• books such as gardening references, environmental/outdoor education curricular resources, or a collection of plant/environmental-related children’s literature for your classroom
  • materials to create 1-2 small garden plots (or one longer bed along the edge of a path or wall) with landscape timbers, topsoil, fertilizer, compost, seeds, and plants
  • a classroom set of child-sized garden tools
  • a heavy-duty garden cart

For $500-1,000, you can purchase:
  • a school garden library
  • enough materials to create 4-8 garden plots (depending on cost of materials) with landscape timbers, topsoil, fertilizer, compost, seeds, and plants
  • enough bulbs for a school-wide bulb planting event
  • a small landscape area with several shrubs or small trees that define an outdoor reading nook—might be phase one of a “starter garden” to be added to as resources allow
  • garden plants to support a specific theme or focus, such as native plants, a colonial herb garden, a butterfly garden, or a wildlife garden (especially perennials and grasses that live longer than single-year annual flowers)
  • a landscape element such as an arbor, fountain, rock grouping, or a couple of benches to enhance an existing garden landscape

For $2,500-5,000, you can purchase:
  • a basic garden landscape with planting beds for an entire grade level as well as trees and shrubs to create a defined sense of space with an entryway—an outdoor classroom!
  • contracting services for a local landscaper to provide labor for some of the more difficult aspects of garden installation such as sod stripping, irrigation installation, or bulldozer work, if needed (try to negotiate a discounted rate—remember, it’s a tax write-off for the company)
  • registration and travel for 2-3 teachers or parent volunteers to attend a school gardening conference

For $5,000-10,000 (and up), you can purchase:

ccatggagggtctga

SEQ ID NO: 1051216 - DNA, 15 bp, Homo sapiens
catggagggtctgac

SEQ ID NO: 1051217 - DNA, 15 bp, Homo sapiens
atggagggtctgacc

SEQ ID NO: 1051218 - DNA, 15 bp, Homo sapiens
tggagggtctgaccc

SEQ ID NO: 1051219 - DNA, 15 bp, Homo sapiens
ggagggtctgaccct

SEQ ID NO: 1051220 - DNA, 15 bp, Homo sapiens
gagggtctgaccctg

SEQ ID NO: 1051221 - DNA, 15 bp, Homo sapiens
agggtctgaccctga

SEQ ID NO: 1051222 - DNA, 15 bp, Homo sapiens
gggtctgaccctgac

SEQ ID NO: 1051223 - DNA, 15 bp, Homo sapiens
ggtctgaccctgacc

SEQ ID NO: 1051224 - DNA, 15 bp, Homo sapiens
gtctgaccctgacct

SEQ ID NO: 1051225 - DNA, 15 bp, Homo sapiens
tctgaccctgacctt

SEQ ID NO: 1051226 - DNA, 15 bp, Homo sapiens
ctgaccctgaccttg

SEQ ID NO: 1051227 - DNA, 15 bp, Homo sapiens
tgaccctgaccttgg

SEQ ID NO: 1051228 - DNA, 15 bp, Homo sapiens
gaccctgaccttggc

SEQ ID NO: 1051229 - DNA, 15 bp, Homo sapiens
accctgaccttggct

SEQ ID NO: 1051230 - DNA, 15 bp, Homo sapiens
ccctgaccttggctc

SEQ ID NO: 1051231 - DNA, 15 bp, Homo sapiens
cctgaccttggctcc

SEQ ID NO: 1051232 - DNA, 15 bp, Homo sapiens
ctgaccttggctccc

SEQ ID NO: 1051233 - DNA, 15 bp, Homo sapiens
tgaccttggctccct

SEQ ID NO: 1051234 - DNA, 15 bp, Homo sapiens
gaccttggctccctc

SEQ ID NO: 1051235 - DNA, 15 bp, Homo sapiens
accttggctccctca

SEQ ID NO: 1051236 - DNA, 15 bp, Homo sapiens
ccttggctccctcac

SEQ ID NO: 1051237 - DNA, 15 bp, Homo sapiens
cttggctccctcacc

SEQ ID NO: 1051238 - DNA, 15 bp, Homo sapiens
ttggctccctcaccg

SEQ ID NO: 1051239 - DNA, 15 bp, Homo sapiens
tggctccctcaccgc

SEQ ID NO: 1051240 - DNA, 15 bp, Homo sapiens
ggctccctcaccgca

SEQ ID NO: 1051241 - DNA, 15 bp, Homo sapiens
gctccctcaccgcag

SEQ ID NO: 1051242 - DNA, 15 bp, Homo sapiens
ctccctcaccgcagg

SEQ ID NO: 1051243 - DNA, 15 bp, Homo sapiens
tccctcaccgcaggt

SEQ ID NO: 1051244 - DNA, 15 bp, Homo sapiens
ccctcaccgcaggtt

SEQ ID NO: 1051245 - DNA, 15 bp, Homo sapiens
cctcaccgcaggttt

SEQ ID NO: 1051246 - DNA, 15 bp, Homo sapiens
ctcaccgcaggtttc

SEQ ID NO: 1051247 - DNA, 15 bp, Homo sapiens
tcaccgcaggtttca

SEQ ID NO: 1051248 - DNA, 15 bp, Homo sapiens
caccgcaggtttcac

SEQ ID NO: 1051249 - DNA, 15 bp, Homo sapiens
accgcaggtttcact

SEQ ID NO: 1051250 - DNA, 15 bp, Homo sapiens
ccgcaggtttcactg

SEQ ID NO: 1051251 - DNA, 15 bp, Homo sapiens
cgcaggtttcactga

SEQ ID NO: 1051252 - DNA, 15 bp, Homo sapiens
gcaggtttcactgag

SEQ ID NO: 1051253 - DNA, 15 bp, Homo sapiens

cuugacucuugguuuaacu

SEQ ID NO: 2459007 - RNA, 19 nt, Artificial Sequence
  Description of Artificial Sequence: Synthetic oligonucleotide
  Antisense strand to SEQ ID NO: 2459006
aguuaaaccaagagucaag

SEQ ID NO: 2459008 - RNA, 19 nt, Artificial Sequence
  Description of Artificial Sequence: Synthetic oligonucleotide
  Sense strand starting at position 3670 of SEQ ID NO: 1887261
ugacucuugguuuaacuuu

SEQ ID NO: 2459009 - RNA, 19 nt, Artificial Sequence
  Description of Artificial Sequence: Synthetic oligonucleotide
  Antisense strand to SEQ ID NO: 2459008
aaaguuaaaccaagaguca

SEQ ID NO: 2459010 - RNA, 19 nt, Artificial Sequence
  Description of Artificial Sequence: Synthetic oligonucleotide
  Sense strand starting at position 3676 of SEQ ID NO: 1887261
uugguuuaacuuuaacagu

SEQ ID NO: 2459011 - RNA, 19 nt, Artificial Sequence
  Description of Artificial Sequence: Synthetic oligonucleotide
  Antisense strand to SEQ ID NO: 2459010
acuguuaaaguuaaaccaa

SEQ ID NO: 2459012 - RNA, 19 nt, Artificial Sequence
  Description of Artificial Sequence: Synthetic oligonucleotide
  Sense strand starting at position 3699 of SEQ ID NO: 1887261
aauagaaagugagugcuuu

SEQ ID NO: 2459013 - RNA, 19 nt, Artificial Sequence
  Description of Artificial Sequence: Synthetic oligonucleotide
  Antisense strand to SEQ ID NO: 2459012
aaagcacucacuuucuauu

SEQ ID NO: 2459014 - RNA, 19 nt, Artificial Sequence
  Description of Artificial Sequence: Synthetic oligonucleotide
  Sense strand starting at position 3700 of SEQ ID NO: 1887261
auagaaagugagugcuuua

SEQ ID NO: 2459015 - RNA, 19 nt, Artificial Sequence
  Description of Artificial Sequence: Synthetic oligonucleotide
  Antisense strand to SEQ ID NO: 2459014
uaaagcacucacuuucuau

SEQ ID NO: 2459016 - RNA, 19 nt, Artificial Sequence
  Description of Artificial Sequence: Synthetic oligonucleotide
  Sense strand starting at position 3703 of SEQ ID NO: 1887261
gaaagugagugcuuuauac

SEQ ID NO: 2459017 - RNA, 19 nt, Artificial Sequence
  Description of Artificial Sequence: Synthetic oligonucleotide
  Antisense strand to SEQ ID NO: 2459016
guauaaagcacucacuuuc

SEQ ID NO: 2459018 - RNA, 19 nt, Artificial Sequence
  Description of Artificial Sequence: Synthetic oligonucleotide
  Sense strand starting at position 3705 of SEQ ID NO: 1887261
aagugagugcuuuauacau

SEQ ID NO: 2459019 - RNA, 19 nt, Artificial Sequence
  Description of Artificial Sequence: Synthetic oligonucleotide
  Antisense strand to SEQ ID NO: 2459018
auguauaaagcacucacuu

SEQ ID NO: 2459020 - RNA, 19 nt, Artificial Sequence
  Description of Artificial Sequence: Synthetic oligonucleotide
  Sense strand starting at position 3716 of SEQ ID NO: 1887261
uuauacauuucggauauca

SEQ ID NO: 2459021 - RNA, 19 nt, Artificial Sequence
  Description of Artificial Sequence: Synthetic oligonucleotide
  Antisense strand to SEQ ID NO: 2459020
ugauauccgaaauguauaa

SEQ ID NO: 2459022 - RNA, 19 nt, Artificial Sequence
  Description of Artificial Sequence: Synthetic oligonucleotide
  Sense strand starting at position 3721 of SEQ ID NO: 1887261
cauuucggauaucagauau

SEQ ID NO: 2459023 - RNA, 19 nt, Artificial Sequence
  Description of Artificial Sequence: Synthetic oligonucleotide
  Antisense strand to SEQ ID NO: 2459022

• additional landscape elements that enhance the garden but are more costly, such as brick paths, fencing, water features, irrigation systems, or electrical work
  • contracting services for a local landscaper to provide labor for overall garden construction and installation, or for portions of it—some of the more difficult pieces such as sod stripping, laying irrigation, or bulldozer work
Tip: It may be necessary to obtain an estimate from a retailer, landscape architect, or contractor to determine how much money a certain feature will add to your expense list.

Tools
You will also need to purchase tools for students to maintain the garden and educational materials that teachers will use to make the garden a learning center. Quantity will depend on the number of teachers and students who will participate in building and maintaining the garden and what materials can be recruited through donation (new or gently used).

Garden elements that inflate costs
  • over 5,000 square feet of area
  • paving (as opposed to using wood chips)
  • any major construction
  • a water feature, such as a pond or fountain
  • hardscape structures, such as paving or arbors

Example
A sample school garden might cover approximately 50’ x 75’ (3,750 sq. ft.) and will not include any buildings, bricks paths, stonewalls, water features, or electrical work. Your total garden area could be smaller or larger, but should be big enough to accommodate the activities of several classroom groups. It is common for the total garden area to be divided between several adjacent zone areas.

For this garden example (which may be more or less than your garden), it costs approximately $2-3 per square foot or $7,500-11,250 to build.

The breakdown is:
2/3 materials
1/3 labor

In this example, we are assuming you will hire a crew to do sod stripping and other work that requires use of heavy equipment.

If you have suggestions to add based on your experience, please e-mail us.

Ready to start crunching some numbers?
Download the Cost Estimate Worksheet to get a rough idea of what your school garden will cost. See the Tool List to estimate your costs for supplies.